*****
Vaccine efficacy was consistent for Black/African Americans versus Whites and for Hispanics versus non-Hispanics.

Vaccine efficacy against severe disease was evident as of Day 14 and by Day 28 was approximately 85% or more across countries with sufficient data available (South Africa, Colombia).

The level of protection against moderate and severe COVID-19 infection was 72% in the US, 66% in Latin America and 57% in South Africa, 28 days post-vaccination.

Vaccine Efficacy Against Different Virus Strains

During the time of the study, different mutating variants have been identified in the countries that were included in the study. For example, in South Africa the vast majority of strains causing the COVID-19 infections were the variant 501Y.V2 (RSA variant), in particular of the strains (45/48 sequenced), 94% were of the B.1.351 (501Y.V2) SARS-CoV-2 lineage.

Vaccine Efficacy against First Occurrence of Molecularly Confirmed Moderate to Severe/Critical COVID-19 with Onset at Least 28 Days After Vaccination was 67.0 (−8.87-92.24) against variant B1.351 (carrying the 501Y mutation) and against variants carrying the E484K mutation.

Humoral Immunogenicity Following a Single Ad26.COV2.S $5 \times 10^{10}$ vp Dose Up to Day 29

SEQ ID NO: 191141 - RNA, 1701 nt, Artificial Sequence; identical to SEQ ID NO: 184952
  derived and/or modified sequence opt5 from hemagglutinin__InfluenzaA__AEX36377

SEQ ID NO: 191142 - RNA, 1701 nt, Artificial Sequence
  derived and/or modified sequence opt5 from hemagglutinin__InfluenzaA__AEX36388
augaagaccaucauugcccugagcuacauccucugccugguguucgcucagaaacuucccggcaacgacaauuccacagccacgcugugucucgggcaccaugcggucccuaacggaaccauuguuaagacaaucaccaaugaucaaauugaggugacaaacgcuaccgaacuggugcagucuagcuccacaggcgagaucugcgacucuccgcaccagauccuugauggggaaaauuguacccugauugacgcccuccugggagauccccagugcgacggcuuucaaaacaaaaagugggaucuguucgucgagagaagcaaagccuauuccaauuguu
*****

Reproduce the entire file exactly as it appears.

Vaccine efficacy was consistent for Black/African Americans versus Whites and for Hispanics versus non-Hispanics.

Vaccine efficacy against severe disease was evident as of Day 14 and by Day 28 was approximately 85% or more across countries with sufficient data available (South Africa, Colombia).

The level of protection against moderate and severe COVID-19 infection was 72% in the US, 66% in Latin America and 57% in South Africa, 28 days post-vaccination.

Vaccine Efficacy Against Different Virus Strains

During the time of the study, different mutating variants have been identified in the countries that were included in the study. For example, in South Africa the vast majority of strains causing the COVID-19 infections were the variant 501Y.V2 (RSA variant), in particular of the strains (45/48 sequenced), 94% were of the B.1.351 (501Y.V2) SARS-CoV-2 lineage.

Vaccine Efficacy against First Occurrence of Molecularly Confirmed Moderate to Severe/Critical COVID-19 with Onset at Least 28 Days After Vaccination was 67.0 (−8.87-92.24) against variant B1.351 (carrying the 501Y mutation) and against variants carrying the E484K mutation.

Humoral Immunogenicity Following a Single Ad26.COV2.S $5 \times 10^{10}$ vp Dose Up to Day 29

SEQ ID NO: 191141 - RNA, 1701 nt, Artificial Sequence; identical to SEQ ID NO: 184952
  derived and/or modified sequence opt5 from hemagglutinin__InfluenzaA__AEX36377

SEQ ID NO: 191142 - RNA, 1701 nt, Artificial Sequence
  derived and/or modified sequence opt5 from hemagglutinin__InfluenzaA__AEX36388
augaagaccaucauugcccugagcuacauccucugccugguguucgcucagaaacuucccggcaacgacaauuccacagccacgcugugucucgggcaccaugcggucccuaacggaaccauuguuaagacaaucaccaaugaucaaauugaggugacaaacgcuaccgaacuggugcagucuagcuccacaggcgagaucugcgacucuccgcaccagauccuugauggggaaaauuguacccugauugacgcccuccugggagauccccagugcgacggcuuucaaaacaaaaagugggaucuguucgucgagagaagcaaagccuauuccaauuguu